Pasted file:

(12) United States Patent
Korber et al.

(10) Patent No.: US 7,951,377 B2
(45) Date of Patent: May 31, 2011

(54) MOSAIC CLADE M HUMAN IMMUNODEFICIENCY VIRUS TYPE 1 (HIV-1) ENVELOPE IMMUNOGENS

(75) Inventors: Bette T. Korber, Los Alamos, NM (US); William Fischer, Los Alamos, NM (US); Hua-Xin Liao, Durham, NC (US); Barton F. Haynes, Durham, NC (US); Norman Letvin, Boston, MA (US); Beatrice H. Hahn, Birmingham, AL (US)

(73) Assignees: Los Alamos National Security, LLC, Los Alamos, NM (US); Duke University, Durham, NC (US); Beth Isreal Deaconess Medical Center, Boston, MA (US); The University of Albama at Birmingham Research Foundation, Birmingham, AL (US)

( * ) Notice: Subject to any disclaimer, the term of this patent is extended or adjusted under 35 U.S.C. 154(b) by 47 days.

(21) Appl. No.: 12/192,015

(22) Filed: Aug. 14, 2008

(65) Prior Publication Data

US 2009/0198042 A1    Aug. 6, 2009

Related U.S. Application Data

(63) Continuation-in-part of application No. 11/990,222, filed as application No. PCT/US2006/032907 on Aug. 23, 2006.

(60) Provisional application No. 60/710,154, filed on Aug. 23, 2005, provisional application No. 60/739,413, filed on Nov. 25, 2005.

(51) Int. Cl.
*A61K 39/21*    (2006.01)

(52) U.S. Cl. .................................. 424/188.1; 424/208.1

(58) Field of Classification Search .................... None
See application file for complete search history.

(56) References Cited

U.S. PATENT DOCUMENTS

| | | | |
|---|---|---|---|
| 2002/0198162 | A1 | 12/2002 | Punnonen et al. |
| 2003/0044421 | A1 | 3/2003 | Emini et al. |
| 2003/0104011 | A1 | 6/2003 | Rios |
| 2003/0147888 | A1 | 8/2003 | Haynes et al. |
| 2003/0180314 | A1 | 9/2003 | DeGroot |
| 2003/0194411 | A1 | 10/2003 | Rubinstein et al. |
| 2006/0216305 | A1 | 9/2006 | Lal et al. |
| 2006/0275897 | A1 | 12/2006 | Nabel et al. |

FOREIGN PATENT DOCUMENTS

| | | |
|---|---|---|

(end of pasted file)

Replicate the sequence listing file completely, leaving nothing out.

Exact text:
(12) United States Patent
Korber et al.

(10) Patent No.: US 7,951,377 B2
(45) Date of Patent: May 31, 2011

(54) MOSAIC CLADE M HUMAN IMMUNODEFICIENCY VIRUS TYPE 1 (HIV-1) ENVELOPE IMMUNOGENS

(75) Inventors: Bette T. Korber, Los Alamos, NM (US); William Fischer, Los Alamos, NM (US); Hua-Xin Liao, Durham, NC (US); Barton F. Haynes, Durham, NC (US); Norman Letvin, Boston, MA (US); Beatrice H. Hahn, Birmingham, AL (US)

(73) Assignees: Los Alamos National Security, LLC, Los Alamos, NM (US); Duke University, Durham, NC (US); Beth Isreal Deaconess Medical Center, Boston, MA (US); The University of Albama at Birmingham Research Foundation, Birmingham, AL (US)

( * ) Notice: Subject to any disclaimer, the term of this patent is extended or adjusted under 35 U.S.C. 154(b) by 47 days.

(21) Appl. No.: 12/192,015

(22) Filed: Aug. 14, 2008

(65) Prior Publication Data

US 2009/0198042 A1    Aug. 6, 2009

Related U.S. Application Data

(63) Continuation-in-part of application No. 11/990,222, filed as application No. PCT/US2006/032907 on Aug. 23, 2006.

(60) Provisional application No. 60/710,154, filed on Aug. 23, 2005, provisional application No. 60/739,413, filed on Nov. 25, 2005.

(51) Int. Cl.
*A61K 39/21*    (2006.01)

(52) U.S. Cl. .................................. 424/188.1; 424/208.1

(58) Field of Classification Search .................... None
See application file for complete search history.

(56) References Cited

U.S. PATENT DOCUMENTS

| | | | |
|---|---|---|---|
| 2002/0198162 | A1 | 12/2002 | Punnonen et al. |
| 2003/0044421 | A1 | 3/2003 | Emini et al. |
| 2003/0104011 | A1 | 6/2003 | Rios |
| 2003/0147888 | A1 | 8/2003 | Haynes et al. |
| 2003/0180314 | A1 | 9/2003 | DeGroot |
| 2003/0194411 | A1 | 10/2003 | Rubinstein et al. |
| 2006/0216305 | A1 | 9/2006 | Lal et al. |
| 2006/0275897 | A1 | 12/2006 | Nabel et al. |

FOREIGN PATENT DOCUMENTS

| | | |
|---|---|---|